We live in a wonderfully diverse world. But unfortunately, sometimes, that’s not adequately reflected in what we see on TV, in magazines, and on social media.
As a brand, you have an opportunity and a responsibility to celebrate your audience’s diversity by striving for inclusivity in every area of your business.
It simply makes sense. Your customers are much more likely to connect with a brand if they feel seen and represented by that company and if their personal values align with a brand's. Plus, your staff will feel much more satisfied with their workplace if they see themselves in your marketing.
That being said, diversity and inclusion in marketing goes beyond the visual content a brand puts out — D&I should underpin a company's foundation.
Here’s everything to know about showcasing your strong brand values and how to ensure you have strong diversity with your influencer marketing campaigns.
@lifewithanextrachromosome for Rainbow High
What does diversity and inclusion in marketing mean?
Diversity and inclusion are multi-faceted. First, it’s making sure that the content you put out as a brand reflects what the real world is like. Your audience is diverse, and so your messaging should be too.
Google reported in 2019 that 70% of surveyed Black and LGBTQ consumers were more likely to interact with brands that had advertising that represented their identities.
Remember, though, that it’s not just about visuals. Brands need to back it up with action as well. It’s about assessing the accessibility of your user experience, the makeup of your employees, and the demographics of your core audience.
When considering diversity, you should be thinking about:
• Ethnicity, race, nationality
• Gender & sexuality
• Health & disabilities
• Religious affiliation
• Socioeconomic status
• Veteran status, and more.
While all of these are essential, you should know which of these are most important to your customers. Inclusion isn’t about involving as many different identities as possible but instead about making sure that the people drawn to your brand are reflected in your marketing.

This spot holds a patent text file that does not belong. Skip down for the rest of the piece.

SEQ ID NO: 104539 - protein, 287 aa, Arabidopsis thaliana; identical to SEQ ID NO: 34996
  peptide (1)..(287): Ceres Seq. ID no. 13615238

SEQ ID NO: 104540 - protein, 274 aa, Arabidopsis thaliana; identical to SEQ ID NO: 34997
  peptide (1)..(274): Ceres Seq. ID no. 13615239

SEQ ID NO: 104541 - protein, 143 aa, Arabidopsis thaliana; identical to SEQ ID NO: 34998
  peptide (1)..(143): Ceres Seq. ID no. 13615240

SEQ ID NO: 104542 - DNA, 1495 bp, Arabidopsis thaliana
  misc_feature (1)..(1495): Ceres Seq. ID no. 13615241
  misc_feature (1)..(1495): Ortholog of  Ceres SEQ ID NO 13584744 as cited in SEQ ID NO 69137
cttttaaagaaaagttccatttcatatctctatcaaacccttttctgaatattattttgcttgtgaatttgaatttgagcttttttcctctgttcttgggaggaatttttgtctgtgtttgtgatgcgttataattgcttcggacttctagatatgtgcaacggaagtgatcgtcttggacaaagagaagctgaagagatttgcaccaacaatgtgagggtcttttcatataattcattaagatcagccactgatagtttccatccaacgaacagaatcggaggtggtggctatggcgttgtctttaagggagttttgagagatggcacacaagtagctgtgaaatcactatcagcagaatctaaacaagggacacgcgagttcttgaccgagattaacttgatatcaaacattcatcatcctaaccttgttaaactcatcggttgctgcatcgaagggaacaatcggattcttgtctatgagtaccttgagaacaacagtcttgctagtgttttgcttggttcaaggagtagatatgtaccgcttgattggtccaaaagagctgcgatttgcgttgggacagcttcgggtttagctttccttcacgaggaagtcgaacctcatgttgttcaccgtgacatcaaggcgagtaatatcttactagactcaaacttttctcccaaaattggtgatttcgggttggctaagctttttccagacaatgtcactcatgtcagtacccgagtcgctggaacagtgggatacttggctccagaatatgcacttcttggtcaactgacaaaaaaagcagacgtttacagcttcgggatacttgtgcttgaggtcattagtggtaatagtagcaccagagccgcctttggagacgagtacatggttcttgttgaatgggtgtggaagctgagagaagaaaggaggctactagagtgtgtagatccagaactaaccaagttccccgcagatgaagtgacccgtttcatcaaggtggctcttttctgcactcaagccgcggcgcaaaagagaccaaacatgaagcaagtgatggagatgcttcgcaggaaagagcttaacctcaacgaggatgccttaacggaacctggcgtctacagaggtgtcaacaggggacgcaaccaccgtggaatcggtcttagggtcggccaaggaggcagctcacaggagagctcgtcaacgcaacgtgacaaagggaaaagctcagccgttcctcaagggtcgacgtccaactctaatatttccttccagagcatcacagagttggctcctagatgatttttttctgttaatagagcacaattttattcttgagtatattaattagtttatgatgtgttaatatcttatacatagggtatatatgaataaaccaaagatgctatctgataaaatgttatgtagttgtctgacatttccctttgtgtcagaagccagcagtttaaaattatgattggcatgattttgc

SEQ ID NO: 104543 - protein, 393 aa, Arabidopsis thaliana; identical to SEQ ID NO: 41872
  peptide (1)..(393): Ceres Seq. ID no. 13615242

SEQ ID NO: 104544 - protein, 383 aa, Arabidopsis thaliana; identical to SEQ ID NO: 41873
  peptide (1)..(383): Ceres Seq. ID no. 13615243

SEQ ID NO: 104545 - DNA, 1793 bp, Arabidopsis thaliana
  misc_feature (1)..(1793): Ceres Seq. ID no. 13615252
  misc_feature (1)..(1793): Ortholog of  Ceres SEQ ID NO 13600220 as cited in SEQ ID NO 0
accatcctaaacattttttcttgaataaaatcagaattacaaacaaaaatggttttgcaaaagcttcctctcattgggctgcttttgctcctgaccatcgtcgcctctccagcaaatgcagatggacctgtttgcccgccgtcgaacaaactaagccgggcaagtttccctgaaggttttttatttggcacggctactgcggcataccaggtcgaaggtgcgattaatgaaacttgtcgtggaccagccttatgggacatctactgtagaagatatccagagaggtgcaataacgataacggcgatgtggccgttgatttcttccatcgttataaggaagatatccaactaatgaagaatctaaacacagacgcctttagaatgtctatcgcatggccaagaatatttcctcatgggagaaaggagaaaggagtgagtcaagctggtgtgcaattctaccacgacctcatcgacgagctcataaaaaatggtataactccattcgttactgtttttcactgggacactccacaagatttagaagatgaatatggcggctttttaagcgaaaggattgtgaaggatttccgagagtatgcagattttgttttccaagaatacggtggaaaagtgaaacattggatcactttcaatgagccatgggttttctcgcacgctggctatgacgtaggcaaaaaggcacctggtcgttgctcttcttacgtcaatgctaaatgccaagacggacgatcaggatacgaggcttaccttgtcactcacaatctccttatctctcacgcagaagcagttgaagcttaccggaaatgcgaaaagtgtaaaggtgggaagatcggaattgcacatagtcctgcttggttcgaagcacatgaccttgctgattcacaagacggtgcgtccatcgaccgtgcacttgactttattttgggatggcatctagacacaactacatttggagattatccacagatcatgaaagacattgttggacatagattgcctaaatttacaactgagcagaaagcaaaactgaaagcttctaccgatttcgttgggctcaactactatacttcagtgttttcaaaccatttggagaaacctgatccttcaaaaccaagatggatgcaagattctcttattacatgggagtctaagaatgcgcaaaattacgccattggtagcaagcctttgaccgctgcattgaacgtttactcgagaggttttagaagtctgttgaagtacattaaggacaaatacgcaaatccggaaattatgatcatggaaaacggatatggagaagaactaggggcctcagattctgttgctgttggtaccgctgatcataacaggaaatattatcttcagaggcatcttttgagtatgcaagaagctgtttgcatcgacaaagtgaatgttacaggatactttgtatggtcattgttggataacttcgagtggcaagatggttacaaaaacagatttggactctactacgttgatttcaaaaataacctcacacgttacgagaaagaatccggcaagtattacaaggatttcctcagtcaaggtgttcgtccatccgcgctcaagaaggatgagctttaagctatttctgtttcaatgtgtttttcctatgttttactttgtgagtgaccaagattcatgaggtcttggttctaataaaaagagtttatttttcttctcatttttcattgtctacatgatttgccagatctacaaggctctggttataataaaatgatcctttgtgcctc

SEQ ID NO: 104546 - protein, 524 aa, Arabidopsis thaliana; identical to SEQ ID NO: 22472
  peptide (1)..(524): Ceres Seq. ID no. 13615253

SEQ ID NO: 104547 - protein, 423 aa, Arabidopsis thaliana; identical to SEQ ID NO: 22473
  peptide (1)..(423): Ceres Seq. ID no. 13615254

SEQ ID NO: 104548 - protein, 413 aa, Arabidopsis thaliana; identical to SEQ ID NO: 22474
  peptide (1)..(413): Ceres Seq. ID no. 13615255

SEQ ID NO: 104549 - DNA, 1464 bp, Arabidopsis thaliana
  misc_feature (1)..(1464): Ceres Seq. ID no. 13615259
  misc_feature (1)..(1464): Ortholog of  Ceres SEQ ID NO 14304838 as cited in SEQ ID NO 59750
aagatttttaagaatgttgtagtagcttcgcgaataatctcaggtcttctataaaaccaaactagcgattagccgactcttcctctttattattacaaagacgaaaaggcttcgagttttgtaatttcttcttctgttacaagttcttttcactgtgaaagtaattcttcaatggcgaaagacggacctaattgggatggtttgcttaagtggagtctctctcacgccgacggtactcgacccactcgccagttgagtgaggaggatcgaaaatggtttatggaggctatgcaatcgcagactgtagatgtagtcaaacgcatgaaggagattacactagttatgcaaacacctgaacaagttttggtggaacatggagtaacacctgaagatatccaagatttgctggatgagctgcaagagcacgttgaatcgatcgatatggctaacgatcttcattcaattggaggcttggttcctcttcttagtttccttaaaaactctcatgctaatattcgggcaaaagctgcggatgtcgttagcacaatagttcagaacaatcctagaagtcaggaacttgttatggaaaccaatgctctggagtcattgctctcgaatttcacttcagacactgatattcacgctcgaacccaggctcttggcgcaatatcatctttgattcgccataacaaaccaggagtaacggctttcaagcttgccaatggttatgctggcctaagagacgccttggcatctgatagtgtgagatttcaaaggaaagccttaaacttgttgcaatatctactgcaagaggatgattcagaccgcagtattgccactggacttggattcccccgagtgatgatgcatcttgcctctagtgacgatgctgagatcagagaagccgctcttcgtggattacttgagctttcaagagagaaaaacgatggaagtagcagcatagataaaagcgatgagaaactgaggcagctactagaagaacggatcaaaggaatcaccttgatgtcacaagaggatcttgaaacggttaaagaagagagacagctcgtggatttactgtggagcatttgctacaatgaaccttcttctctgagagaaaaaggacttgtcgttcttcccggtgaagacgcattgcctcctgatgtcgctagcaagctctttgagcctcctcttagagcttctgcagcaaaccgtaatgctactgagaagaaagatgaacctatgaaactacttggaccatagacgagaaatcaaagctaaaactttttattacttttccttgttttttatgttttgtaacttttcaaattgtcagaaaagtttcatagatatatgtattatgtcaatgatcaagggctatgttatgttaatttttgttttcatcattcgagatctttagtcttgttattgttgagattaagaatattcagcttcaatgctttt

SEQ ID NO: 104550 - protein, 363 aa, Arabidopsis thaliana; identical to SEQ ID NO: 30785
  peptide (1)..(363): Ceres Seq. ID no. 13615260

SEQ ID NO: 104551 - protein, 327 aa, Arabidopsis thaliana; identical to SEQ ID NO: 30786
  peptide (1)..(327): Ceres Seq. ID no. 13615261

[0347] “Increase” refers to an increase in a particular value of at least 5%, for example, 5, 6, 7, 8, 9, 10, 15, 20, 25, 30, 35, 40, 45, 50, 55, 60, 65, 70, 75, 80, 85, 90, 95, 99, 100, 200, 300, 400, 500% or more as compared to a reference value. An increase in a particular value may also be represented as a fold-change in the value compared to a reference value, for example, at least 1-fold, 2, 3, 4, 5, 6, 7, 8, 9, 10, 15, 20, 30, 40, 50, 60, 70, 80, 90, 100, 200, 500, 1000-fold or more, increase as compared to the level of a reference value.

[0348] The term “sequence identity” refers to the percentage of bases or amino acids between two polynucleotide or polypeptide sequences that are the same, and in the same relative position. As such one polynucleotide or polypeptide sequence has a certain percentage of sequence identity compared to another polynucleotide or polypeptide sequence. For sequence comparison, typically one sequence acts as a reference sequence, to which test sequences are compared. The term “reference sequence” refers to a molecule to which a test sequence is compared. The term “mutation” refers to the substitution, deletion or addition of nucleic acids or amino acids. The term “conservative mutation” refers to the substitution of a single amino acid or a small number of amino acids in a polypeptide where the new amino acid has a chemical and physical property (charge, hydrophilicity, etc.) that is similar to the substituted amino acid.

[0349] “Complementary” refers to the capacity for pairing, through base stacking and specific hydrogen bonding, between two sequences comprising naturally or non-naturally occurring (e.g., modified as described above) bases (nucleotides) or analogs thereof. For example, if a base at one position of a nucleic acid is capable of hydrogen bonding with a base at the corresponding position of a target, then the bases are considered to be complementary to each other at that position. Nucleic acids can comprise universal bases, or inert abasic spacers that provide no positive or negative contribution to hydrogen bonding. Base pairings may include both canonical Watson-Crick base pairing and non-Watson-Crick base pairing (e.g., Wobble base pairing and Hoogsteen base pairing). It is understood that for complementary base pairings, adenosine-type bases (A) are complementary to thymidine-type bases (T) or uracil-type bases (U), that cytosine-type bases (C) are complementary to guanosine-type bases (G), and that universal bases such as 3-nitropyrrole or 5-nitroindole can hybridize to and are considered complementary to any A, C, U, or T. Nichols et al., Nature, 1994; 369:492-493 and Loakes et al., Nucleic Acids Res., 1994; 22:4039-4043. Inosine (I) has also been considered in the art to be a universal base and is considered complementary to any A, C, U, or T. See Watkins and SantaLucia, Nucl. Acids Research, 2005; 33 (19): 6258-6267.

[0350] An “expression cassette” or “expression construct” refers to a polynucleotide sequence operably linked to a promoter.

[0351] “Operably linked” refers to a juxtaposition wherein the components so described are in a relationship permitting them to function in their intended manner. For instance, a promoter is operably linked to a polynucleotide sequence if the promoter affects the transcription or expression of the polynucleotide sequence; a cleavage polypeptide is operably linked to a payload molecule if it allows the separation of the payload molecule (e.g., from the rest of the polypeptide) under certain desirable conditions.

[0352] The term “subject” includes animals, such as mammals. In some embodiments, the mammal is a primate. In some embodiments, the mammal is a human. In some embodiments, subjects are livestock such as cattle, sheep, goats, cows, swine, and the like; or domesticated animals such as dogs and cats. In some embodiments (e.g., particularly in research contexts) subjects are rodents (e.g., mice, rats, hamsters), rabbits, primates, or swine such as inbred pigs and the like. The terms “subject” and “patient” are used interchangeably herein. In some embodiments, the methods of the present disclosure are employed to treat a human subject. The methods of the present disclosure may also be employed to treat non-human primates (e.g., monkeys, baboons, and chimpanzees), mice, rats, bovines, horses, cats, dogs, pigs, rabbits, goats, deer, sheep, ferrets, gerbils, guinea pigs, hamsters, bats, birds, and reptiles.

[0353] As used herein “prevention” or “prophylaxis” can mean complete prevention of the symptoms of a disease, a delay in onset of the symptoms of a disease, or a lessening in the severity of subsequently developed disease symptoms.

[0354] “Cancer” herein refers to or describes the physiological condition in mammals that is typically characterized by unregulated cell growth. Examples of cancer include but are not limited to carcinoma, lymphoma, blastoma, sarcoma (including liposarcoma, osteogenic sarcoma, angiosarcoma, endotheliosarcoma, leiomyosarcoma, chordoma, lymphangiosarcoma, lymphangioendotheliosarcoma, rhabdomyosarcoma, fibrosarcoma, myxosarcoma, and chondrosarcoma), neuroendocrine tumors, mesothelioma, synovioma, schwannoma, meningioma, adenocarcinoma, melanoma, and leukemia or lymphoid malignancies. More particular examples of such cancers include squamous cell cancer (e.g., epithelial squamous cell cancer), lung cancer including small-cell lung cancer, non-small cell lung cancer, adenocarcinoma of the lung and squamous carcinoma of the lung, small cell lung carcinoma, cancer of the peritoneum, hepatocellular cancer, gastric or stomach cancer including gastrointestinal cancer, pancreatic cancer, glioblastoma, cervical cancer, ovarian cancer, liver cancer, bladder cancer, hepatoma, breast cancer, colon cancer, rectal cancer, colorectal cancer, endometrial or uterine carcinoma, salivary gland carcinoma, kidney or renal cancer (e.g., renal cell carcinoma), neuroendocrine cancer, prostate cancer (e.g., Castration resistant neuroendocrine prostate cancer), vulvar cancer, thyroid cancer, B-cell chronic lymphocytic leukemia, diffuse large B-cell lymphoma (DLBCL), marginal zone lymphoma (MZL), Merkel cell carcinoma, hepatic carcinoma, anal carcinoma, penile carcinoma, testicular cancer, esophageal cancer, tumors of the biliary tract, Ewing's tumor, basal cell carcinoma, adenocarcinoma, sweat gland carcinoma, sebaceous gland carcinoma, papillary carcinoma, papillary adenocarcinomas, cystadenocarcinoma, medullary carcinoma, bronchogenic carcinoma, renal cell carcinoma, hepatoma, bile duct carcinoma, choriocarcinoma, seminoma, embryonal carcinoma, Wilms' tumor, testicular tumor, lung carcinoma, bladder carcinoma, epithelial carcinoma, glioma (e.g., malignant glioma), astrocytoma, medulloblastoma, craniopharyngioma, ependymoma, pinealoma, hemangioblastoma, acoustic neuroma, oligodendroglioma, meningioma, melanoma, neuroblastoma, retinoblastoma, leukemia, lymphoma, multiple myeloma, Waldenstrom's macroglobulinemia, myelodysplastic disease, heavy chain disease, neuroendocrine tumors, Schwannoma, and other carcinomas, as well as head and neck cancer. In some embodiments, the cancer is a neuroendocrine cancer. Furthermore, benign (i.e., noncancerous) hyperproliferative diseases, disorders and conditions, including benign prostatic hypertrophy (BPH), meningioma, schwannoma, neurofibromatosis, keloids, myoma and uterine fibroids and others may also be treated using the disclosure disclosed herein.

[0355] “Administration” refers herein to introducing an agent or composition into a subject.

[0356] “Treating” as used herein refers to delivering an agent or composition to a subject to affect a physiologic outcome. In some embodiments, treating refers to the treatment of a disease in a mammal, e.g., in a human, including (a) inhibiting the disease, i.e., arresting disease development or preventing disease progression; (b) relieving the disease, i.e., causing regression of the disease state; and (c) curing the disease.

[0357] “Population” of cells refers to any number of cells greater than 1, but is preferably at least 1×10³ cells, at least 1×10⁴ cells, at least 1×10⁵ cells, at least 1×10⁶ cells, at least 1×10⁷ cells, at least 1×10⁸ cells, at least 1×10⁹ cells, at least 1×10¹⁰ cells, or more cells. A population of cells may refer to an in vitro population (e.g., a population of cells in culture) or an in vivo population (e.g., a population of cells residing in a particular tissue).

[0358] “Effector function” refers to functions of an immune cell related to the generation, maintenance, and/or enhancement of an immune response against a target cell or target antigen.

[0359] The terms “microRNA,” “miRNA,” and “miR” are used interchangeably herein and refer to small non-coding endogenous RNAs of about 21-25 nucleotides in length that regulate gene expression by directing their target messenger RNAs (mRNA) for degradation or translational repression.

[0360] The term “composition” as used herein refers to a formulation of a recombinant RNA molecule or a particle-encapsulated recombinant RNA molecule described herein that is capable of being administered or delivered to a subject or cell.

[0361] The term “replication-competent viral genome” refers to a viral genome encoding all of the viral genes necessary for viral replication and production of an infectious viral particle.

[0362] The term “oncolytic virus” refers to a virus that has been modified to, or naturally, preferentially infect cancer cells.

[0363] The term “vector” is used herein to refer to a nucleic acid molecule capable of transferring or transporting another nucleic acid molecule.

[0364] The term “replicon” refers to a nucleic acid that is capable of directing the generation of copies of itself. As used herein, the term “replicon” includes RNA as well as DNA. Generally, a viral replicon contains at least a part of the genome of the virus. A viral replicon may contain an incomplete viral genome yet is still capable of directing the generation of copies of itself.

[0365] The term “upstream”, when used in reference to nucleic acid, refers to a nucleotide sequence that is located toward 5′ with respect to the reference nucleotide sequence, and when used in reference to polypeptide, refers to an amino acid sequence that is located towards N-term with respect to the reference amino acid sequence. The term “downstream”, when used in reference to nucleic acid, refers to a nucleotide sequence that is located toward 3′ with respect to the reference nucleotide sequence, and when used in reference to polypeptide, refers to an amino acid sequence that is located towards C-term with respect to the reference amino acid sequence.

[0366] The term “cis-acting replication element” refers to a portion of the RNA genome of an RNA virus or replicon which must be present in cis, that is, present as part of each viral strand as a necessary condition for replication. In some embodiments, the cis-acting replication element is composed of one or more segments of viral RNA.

Not only is it good to set an example by being as diverse as possible with your content, but it’s also a smart move from a business perspective.
Your customers want to see themselves portrayed in marketing and advertising campaigns, and there’s nothing better for your brand than a happy customer.
A 2018 study found that 88% of Generation X and 90% of millennials believe a brand with diverse marketing has a better reputation.
@bradleyandsam for Diamond Nexus
Considerations for creating your diversity and inclusions principles
You need to set out your brand’s diversity and inclusion practices before starting an influencer marketing campaign. This will keep you accountable and help you check in throughout the campaign to make sure you’re covering all the bases.
Here’s what you should consider when setting your brand’s D&I principles:
Are you practising what you preach?
Look within the company and the team: has your brand created a diverse and inclusive workplace? This doesn’t just include having visually evident diversity within your staff. Is your workplace accessible for all bodies? Does your team come from various religious, socio-economic, and geographical backgrounds that reflect your customer base?
Get your team’s input for any ideas they have for becoming a more inclusive brand. And in future, when hiring freelancers or contributors, aim to find someone who can represent a perspective you don’t already have on the team.
How well do you know your audience?